Did you wish you could do this at the last meeting or learning session you attended?
Maybe you did! Or maybe you just spent most of the time surreptitiously checking your email or texting your friends and family. Maybe you even arranged a “fake call”, so you could get out of the session early.
Time for a reflective question:
Do people ever feel like that in your meetings or learning sessions?
(If you don’t know the answer to this question, ask for some honest feedback. It’s the best way to find out.)
We all know that the problem of boring PD and meetings is a common one. Many books have been written about it, including Death By Meeting by Patrick Lencioni, which I recommend. While I can’t fix all your problems in this area (you’ll have to do some hard work on your own), I can share this experience.
The third topic in ETMOOC (Educational Technology Massive Open Online Course) was all about digital storytelling. Alan Levine, @cogdog, recently presented a session on this topic as part of the course. In it, he talked about how the energy in a room changes when people are asked to contribute creative ideas or add parts to a story. My brain lit up when this exact thing happened at our latest learning session.
Organizers of ETMOOC had challenged us to experiment with digital storytelling. Six Word Stories caught my attention immediately. They present a seemingly simple challenge but are difficult to get right. I introduced them to staff at the beginning of the session and shared Hemingway’s legendary efforts, said to be the genesis of the genre. Then I challenged staff to come up with their own six word stories about school life. Wow! The energy in the room changed. People talked. People collaborated. People scribbled. And there was a lot of laughter. When we shared our stories, topics ranged from disgruntled rants about our parking lot to inspirational words about newcomer experiences at our school. It was a great way to see what people were thinking about as well as introduce a new teaching idea for a classroom. It also set the stage for the discussions that followed, as staff had had a chance to share something personal and have some fun.
What about you? At your next session, how can you expand the energy in the room?
As I was mulling over all the ideas presented in Week 1 of ETMOOC, I came across Steve Wheeler‘s post on Game Changers in the Training Zone . In particular, these lines struck me:
“I think ultimately, the biggest game changer which has been going on for some time now, is mobile learning. Using your own personal devices to access learning, access peer groups, access social networking, access the ability to create and share content, anywhere and everywhere…I think we’re going to see that impact a whole lot more.”
This is exactly what I have been doing for the past week. The impact is huge! At every opportunity I have been using my tablet, my smartphone and my laptop to read and comment on ETMOOC blogs, to participate in Twitter chats and follow links. I’ve been investigating the difference between collection and curation and whether Evernote, Diigo or Delicious is the best application for me. I’ve fooled around with About.Me and Vizify. I’ve connected to the ETMOOC archives to learn from @SueWaters about blogging. I’ve pondered what it means to be a connected learner.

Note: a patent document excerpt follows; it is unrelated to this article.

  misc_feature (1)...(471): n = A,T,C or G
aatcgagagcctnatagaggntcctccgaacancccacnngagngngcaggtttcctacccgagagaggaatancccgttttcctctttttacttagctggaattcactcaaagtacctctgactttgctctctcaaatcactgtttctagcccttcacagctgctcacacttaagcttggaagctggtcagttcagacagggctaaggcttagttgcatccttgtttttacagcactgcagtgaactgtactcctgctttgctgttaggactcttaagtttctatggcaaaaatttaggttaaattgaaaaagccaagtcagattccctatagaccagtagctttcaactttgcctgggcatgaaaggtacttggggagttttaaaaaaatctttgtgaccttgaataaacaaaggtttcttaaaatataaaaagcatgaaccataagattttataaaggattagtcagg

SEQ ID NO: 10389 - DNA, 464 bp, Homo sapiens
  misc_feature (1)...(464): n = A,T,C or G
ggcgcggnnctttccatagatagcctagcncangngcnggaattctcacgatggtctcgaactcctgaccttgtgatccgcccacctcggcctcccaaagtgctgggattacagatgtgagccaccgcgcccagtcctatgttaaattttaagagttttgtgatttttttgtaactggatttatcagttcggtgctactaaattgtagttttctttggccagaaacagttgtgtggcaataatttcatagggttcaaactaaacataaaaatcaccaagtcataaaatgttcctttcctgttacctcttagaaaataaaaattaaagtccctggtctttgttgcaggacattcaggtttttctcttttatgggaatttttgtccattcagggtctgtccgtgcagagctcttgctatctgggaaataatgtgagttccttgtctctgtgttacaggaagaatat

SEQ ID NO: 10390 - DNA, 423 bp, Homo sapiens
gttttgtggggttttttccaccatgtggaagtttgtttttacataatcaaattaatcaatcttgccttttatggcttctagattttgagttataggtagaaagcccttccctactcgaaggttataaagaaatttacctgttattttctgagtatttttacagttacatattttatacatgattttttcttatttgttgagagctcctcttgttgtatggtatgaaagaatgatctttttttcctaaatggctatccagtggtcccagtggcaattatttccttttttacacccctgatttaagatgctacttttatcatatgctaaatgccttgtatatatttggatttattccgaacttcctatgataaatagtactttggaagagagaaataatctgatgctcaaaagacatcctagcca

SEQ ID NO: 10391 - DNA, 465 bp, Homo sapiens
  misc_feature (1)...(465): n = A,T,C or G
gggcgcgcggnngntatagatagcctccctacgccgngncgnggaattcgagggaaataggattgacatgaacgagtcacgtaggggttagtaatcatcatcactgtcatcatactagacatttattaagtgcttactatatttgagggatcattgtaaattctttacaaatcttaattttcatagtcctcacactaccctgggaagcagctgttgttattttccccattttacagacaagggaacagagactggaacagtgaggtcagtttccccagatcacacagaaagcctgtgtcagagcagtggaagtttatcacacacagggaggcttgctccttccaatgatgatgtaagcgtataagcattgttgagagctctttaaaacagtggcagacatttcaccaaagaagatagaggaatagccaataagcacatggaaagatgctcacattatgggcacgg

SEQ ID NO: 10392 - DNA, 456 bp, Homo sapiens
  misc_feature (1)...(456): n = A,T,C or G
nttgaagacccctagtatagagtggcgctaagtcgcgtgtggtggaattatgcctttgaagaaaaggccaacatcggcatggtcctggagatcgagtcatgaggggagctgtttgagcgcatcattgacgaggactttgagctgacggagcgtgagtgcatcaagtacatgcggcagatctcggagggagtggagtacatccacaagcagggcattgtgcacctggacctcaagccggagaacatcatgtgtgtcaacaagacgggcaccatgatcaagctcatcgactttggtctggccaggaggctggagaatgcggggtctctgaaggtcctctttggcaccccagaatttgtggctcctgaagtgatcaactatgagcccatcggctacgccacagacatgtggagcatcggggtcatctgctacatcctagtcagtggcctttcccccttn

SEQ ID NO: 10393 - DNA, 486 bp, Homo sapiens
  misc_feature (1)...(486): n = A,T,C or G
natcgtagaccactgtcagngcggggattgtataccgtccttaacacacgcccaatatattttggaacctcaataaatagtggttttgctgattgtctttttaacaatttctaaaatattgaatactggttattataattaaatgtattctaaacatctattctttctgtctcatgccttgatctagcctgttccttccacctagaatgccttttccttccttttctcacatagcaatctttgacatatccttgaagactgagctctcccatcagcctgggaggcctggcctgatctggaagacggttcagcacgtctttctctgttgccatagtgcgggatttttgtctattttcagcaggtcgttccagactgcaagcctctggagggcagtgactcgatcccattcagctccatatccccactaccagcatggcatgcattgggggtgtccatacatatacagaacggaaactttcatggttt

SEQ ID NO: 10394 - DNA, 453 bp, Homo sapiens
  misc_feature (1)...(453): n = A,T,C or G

My learning continues as I struggle to make sense of all this and where it fits into my life and my work. And how will I do it? I can’t imagine sitting in a classroom or even tied to a desktop and trying to bring all this together. I am learning on my couch, or at a conference, or waiting to have my hair cut or even during my morning run. This is mobile learning.
Do you want to change the game? Do you want the opportunity to learn wherever and however you can? Do you want to take charge? Try mobile learning.
ETMOOC Post #1
When I blog, I do it for me. The act of writing provokes more focussed reflection. It takes my thoughts about a topic or issue and forces me to bring them to order. Every time I blog, I learn about what is really important to me and how to communicate it.
I also have to admit, however, that it’s quite thrilling to have people comment on my blog posts. Not only does that mean that someone is actually reading my words, but they are interested enough to ask questions or continue the conversation. Often a comment will spark another thought or lead me to a deeper understanding of my own words. Sometimes a reader will even find something I didn’t intend, but upon reflection I realize that meaning was hidden in plain sight from me. Those epiphanies are a true gift.
I follow some amazing blogs which teach me and inspire me. I am amazed how insightful these writers are. I often find myself thinking about a post later as it builds new schema in my understanding. Others’ words can have a profound effect, so why don’t I share? I have commented on a few blogs, but usually I make some excuse to myself about not having time. That’s going to change!
After Orientation week at ETMOOC, one idea really took hold. By commenting on blog posts I read, I can connect with a much wider network of people.
That’s my ETMOOC resolution. Are you with me?